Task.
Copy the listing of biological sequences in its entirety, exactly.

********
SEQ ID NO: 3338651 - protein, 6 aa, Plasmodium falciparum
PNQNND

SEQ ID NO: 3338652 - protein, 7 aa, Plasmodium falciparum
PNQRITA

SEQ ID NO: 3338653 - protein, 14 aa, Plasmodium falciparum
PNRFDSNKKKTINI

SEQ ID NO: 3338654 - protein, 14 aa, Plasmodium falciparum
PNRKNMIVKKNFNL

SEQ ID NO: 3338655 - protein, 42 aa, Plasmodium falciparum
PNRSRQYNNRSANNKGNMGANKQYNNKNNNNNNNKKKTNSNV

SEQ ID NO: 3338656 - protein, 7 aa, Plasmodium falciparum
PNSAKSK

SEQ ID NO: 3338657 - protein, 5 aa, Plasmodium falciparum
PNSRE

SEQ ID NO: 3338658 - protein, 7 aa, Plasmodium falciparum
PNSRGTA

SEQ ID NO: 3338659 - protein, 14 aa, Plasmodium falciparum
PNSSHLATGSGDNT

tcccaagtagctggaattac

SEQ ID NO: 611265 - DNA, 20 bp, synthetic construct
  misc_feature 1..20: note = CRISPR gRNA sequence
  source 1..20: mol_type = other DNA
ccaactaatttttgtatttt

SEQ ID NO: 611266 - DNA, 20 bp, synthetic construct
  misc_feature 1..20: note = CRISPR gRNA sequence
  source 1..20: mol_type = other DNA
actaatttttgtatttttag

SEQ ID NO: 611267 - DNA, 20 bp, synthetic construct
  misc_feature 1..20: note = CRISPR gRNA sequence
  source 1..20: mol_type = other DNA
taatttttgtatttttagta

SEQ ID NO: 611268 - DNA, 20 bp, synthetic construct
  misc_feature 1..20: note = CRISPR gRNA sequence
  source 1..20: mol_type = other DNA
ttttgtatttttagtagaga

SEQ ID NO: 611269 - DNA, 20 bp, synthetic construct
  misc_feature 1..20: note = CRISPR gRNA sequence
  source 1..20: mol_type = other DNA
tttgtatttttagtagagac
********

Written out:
SEQ ID NO: 3338651 - protein, 6 aa, Plasmodium falciparum
PNQNND

SEQ ID NO: 3338652 - protein, 7 aa, Plasmodium falciparum
PNQRITA

SEQ ID NO: 3338653 - protein, 14 aa, Plasmodium falciparum
PNRFDSNKKKTINI

SEQ ID NO: 3338654 - protein, 14 aa, Plasmodium falciparum
PNRKNMIVKKNFNL

SEQ ID NO: 3338655 - protein, 42 aa, Plasmodium falciparum
PNRSRQYNNRSANNKGNMGANKQYNNKNNNNNNNKKKTNSNV

SEQ ID NO: 3338656 - protein, 7 aa, Plasmodium falciparum
PNSAKSK

SEQ ID NO: 3338657 - protein, 5 aa, Plasmodium falciparum
PNSRE

SEQ ID NO: 3338658 - protein, 7 aa, Plasmodium falciparum
PNSRGTA

SEQ ID NO: 3338659 - protein, 14 aa, Plasmodium falciparum
PNSSHLATGSGDNT

tcccaagtagctggaattac

SEQ ID NO: 611265 - DNA, 20 bp, synthetic construct
  misc_feature 1..20: note = CRISPR gRNA sequence
  source 1..20: mol_type = other DNA
ccaactaatttttgtatttt

SEQ ID NO: 611266 - DNA, 20 bp, synthetic construct
  misc_feature 1..20: note = CRISPR gRNA sequence
  source 1..20: mol_type = other DNA
actaatttttgtatttttag

SEQ ID NO: 611267 - DNA, 20 bp, synthetic construct
  misc_feature 1..20: note = CRISPR gRNA sequence
  source 1..20: mol_type = other DNA
taatttttgtatttttagta

SEQ ID NO: 611268 - DNA, 20 bp, synthetic construct
  misc_feature 1..20: note = CRISPR gRNA sequence
  source 1..20: mol_type = other DNA
ttttgtatttttagtagaga

SEQ ID NO: 611269 - DNA, 20 bp, synthetic construct
  misc_feature 1..20: note = CRISPR gRNA sequence
  source 1..20: mol_type = other DNA
tttgtatttttagtagagac